Mom's brother, my uncle Bob, died three weeks ago.
The Parents and Brother had just arrived for their Estes camping vacation that Saturday. They'd put up their tents in the rain that night; the weather for the week was forecasted to be cool and rainy. And the next morning, since they were incommunicado, I was the one who was contacted and then had to tell them about Bob's death.
We drove up to Wyoming Wednesday morning. It was a 10 hour drive to Lovell, where Bob lived, near the Montana border. We arrived at the motel--the same motel we stayed at when we visited Bob in 1993 on the way home from our camping trip to Yellowstone--an hour before the memorial service and then met up with some of the other family members.
Uncle Bob was cremated and placed in a little black box at the front of the funeral home, and in the back was a table covered with pictures of Bob with friends and family, which was helpful considering there was no body to view. One picture in particular stood out to me: Bob held Grandma Anderson in an enormous arm-and-a-half embrace. The picture was taken within the last year or so, and they both had beaming smiles. A loving mother and son, both of whom have now left us.
One of the unfortunate things that I've seen happen recently at funerals is the immediate canonization of the dead. For example, at the memorial service, one of Bob's former co-workers made the remark, "We know he's in a better place, and now he's got his lost arm back." But this thinking is foreign to the Gospel or Church teaching.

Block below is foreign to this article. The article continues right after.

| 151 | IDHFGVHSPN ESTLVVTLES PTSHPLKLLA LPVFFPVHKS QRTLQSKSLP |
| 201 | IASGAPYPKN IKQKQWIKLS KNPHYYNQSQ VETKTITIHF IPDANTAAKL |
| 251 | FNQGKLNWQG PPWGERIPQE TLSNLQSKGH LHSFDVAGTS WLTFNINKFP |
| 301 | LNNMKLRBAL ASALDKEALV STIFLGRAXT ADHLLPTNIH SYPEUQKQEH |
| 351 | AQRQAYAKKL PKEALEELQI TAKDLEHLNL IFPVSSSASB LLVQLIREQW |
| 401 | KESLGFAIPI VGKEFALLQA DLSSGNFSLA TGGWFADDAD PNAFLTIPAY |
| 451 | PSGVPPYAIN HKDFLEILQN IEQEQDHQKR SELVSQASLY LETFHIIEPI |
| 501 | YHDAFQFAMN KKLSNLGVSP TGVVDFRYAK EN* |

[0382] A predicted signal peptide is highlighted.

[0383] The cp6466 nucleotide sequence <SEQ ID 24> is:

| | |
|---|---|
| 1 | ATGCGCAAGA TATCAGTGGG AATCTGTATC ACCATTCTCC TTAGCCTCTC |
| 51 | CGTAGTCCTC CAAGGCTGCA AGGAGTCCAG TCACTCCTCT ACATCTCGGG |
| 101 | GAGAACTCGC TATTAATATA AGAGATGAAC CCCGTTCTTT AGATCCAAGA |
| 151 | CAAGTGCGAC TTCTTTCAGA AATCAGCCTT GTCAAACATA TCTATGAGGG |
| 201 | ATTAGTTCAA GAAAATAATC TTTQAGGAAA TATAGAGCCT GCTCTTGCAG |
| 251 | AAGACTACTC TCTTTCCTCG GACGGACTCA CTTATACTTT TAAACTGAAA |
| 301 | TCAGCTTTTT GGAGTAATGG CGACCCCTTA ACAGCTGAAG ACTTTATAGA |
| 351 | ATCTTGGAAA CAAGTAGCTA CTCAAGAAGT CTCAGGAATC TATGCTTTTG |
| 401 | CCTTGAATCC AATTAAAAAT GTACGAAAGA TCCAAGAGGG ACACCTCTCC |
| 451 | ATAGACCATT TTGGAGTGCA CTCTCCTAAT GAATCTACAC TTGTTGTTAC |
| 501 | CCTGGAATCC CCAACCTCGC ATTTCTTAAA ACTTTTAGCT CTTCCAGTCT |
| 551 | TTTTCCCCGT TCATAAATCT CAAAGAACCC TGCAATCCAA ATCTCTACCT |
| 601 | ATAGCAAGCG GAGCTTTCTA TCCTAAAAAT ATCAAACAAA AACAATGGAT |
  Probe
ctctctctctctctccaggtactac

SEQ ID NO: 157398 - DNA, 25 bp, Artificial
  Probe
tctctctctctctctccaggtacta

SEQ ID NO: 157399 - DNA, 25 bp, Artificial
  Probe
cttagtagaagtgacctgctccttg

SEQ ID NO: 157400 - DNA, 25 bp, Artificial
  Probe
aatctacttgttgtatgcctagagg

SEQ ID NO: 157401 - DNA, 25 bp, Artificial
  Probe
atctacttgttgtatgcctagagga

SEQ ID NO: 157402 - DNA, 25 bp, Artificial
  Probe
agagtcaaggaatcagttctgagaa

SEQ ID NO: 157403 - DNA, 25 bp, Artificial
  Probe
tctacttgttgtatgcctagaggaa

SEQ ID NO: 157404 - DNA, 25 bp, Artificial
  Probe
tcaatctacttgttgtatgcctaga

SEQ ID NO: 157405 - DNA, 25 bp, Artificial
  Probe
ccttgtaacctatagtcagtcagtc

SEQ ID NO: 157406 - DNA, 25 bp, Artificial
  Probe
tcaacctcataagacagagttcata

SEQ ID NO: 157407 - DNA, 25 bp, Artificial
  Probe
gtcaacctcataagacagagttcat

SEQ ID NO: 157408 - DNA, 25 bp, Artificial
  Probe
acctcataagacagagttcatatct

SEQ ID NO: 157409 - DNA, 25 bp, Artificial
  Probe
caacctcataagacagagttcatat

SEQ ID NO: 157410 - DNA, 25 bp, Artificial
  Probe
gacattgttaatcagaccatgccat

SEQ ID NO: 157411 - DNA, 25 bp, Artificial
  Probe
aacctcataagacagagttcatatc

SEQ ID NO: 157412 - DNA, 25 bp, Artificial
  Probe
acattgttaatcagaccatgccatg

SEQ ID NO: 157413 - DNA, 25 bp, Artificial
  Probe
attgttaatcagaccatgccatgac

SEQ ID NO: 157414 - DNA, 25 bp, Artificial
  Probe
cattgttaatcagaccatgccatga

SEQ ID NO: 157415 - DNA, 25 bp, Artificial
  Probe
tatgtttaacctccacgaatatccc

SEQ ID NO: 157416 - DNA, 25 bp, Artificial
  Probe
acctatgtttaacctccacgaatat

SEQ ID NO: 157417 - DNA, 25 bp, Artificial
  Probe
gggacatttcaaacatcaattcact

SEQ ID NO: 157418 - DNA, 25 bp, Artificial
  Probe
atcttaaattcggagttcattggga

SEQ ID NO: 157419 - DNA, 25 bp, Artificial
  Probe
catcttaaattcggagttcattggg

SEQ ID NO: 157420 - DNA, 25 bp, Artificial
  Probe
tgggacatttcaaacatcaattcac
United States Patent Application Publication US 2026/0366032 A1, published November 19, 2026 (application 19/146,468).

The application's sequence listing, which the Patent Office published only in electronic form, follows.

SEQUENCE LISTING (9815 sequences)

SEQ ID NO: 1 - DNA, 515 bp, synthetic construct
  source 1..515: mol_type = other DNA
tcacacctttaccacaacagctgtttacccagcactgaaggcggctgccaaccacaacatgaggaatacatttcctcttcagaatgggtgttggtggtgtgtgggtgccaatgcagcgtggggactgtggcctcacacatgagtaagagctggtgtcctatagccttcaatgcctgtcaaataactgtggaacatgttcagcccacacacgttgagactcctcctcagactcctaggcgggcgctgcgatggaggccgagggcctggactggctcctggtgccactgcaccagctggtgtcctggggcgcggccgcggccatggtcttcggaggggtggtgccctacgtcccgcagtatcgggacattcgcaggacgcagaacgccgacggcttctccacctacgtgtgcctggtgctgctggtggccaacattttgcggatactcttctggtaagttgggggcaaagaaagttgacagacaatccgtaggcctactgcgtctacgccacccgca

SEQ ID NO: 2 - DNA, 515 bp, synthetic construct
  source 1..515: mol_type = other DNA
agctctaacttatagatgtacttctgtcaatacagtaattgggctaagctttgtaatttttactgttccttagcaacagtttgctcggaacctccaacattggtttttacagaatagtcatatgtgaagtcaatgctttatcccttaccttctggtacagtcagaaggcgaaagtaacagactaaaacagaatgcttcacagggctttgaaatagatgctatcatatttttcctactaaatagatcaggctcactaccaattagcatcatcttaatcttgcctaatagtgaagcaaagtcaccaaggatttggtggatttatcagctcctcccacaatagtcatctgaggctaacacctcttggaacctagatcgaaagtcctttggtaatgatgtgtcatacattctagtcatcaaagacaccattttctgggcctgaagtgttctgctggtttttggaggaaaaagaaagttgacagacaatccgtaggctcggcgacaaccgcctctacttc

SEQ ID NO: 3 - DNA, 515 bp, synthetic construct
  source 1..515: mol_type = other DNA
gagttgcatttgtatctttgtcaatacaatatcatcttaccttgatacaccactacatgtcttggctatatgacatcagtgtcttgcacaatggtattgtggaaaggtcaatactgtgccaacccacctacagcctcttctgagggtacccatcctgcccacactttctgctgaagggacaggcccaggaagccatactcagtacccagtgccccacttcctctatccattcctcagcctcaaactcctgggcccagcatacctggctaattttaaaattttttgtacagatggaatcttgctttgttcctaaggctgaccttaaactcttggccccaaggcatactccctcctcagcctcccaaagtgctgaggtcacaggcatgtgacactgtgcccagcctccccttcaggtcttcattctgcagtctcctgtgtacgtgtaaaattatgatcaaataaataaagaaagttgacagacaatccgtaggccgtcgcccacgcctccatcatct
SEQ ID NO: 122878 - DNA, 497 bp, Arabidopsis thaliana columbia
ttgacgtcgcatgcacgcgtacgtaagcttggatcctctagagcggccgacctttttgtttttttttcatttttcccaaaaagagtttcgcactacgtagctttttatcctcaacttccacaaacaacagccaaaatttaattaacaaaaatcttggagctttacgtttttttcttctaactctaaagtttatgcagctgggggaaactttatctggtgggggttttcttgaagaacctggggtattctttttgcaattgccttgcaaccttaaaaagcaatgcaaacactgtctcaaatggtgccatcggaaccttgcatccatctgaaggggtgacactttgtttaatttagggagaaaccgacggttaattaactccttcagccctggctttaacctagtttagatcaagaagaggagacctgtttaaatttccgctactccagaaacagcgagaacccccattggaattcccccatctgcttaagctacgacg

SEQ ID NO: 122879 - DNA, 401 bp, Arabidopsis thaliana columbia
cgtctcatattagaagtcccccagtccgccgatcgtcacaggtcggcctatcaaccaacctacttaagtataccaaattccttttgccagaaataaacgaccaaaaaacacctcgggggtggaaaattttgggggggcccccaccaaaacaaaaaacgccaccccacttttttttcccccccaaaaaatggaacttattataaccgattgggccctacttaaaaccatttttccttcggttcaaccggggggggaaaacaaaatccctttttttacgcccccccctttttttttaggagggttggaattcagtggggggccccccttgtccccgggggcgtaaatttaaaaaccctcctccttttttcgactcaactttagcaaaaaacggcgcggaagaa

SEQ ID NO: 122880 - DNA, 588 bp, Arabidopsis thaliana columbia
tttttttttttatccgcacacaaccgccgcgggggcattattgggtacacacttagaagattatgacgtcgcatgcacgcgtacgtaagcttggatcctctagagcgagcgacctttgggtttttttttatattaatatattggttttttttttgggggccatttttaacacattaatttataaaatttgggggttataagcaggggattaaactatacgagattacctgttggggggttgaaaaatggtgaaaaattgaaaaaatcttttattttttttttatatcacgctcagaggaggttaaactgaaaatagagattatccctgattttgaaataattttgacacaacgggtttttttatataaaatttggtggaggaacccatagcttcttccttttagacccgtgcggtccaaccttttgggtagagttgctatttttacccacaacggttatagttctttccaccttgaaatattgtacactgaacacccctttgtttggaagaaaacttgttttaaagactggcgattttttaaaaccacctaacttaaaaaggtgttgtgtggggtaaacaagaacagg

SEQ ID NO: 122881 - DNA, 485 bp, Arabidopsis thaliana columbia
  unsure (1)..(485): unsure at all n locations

First, the dead don't have bodies; that won't happen until the Resurrection of the Dead when Christ comes at the end of time. But more importantly, we can't know with certainty the destination of a soul; it's presumptuous to assume that someone has gone straight to heaven. That only happens if someone dies loving God perfectly. We can't judge the hearts of men (only their actions), and we must persevere to the end in order to be saved, Christ tells us.
However, not only the Jews who believed in the Resurrection but also the early Church Fathers taught that it was good and holy to pray for the dead, that those who did not love God wholeheartedly may be purified, perfected in love and holiness, and enter into heaven. That's why I pray for my deceased loved ones on Monday mornings and Friday evenings and at every Mass in which I participate.
May the host of angels greet Bob and carry him to the arms of Our Loving and Merciful Savior.